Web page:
During the 1914-18 war Bill tried to join up, but was told to "go home, sonny".


Bill made his first violin from a cigar box his Dad was given for Xmas 1920 or 21.


When Bill was 14, in 1921, he started work making hardware deliveries for Newicks, of Old Market Street. He rode a bicycle with a basket and a barrel attached. With his first wages he paid his subscription to his mother and joined the Labour Party, He was a member for the rest of his life, a total of 82 years.


On 30th May 1925 Will was admitted to the Bristol District of the National Association of Plasterers, Granolithic and Cement Workers, as a Junior Member, with an entrance fee of 2 shillings and 6 pence, aged 17 years. He became an adult member at 21 years, in 1928. This became the National Association of Operative Plasterers in 1932.


In July/Aug 1929 he went to Germany, for a touring holiday. It took 29 hours travelling from Bristol. At one point they climbed Feldberg and saw the Swiss Alps. He also saw the Triberg waterfall by coloured searchlights at night, and thought it "wonderful".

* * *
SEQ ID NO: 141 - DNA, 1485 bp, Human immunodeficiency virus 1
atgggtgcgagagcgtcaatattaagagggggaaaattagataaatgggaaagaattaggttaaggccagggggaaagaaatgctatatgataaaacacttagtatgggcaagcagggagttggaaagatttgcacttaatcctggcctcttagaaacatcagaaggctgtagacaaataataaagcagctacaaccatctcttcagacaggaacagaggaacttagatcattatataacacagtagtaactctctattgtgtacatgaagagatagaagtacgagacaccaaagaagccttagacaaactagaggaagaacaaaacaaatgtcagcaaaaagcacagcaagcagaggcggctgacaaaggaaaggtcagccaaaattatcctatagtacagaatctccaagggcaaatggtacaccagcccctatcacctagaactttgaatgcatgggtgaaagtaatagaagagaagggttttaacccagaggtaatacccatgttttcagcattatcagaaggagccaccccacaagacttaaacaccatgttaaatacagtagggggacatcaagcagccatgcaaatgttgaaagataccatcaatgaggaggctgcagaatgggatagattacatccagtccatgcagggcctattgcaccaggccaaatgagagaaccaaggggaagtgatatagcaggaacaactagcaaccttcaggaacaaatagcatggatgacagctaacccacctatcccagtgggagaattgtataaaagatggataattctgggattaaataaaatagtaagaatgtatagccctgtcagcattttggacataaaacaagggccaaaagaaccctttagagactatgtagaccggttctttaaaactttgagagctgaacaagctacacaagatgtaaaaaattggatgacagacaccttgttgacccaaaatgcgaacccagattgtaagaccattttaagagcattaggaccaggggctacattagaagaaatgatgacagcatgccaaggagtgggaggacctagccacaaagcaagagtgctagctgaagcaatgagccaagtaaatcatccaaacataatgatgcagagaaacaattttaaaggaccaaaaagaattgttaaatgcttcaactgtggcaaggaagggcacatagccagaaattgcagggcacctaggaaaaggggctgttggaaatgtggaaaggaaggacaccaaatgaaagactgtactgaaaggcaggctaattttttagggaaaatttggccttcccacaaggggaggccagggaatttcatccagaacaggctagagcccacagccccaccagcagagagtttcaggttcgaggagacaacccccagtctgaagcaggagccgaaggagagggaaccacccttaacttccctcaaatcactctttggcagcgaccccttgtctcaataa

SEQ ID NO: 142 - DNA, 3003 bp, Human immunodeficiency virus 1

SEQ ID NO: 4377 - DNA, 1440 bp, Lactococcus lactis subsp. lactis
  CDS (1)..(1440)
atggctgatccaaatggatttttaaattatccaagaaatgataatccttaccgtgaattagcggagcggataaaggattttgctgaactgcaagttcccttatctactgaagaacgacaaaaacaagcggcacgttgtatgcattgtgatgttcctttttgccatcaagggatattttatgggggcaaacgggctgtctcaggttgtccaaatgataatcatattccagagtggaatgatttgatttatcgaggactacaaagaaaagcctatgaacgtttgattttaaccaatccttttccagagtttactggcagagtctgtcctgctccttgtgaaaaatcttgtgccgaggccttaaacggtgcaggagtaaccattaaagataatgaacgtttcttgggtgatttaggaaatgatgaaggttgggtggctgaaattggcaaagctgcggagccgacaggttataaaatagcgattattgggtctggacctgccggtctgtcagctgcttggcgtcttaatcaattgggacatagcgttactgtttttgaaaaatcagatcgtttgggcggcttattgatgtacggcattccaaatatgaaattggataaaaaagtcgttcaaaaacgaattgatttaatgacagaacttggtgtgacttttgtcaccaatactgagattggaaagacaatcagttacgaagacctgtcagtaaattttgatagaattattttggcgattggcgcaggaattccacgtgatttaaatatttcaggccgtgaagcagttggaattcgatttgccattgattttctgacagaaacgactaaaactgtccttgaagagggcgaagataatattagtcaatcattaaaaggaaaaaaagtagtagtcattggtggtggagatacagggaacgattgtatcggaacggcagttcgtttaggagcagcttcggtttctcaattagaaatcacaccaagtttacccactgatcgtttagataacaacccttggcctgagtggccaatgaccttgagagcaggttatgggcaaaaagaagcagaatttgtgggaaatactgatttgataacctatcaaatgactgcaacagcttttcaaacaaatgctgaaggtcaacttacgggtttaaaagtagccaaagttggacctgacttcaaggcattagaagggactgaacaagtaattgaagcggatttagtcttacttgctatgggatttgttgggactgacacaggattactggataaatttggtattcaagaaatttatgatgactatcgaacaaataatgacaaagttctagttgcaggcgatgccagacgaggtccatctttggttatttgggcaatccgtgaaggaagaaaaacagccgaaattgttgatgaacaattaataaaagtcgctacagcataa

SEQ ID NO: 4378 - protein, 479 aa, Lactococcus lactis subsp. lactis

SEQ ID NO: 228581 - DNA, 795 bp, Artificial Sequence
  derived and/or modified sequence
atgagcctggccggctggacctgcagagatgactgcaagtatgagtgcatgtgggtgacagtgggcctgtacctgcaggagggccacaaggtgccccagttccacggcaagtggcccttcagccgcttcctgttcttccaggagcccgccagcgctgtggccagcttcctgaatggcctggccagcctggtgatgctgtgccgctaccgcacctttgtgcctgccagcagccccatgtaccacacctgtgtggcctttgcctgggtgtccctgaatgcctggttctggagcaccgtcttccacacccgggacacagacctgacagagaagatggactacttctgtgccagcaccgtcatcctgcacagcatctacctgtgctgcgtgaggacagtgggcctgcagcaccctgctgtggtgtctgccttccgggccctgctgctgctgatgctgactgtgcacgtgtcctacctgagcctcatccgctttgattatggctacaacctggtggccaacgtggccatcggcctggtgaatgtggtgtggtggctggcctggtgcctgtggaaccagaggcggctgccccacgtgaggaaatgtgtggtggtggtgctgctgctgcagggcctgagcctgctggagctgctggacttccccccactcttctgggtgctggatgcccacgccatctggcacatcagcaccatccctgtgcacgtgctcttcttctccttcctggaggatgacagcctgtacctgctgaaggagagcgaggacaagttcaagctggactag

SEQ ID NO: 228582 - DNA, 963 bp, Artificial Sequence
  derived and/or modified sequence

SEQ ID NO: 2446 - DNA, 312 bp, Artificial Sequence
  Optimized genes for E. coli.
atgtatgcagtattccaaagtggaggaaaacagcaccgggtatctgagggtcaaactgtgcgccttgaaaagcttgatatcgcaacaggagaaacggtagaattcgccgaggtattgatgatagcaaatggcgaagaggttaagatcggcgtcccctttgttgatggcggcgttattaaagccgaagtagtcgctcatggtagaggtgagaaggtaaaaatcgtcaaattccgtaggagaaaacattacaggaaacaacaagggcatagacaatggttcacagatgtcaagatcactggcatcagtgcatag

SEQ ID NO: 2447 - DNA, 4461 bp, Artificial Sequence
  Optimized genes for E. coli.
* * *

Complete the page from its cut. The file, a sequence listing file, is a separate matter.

He played the violin for the Bristol Folk House Orchestra, which is where he met his wife, Queenie Pyman. Her sister Gladys used to play the piano for them, but dropped out when she got married, so Queenie took over. He was the Librarian, in charge of the scores. Several of the orchestra members tried to fix a date with her, but to no avail. So eventually they asked Bill to see her home and see if he could find out who she was going out with. They thought he was only interested in music and rugby. When he went back and told them he had found out, and it was him, and had been all along, they said "You lousy swine!".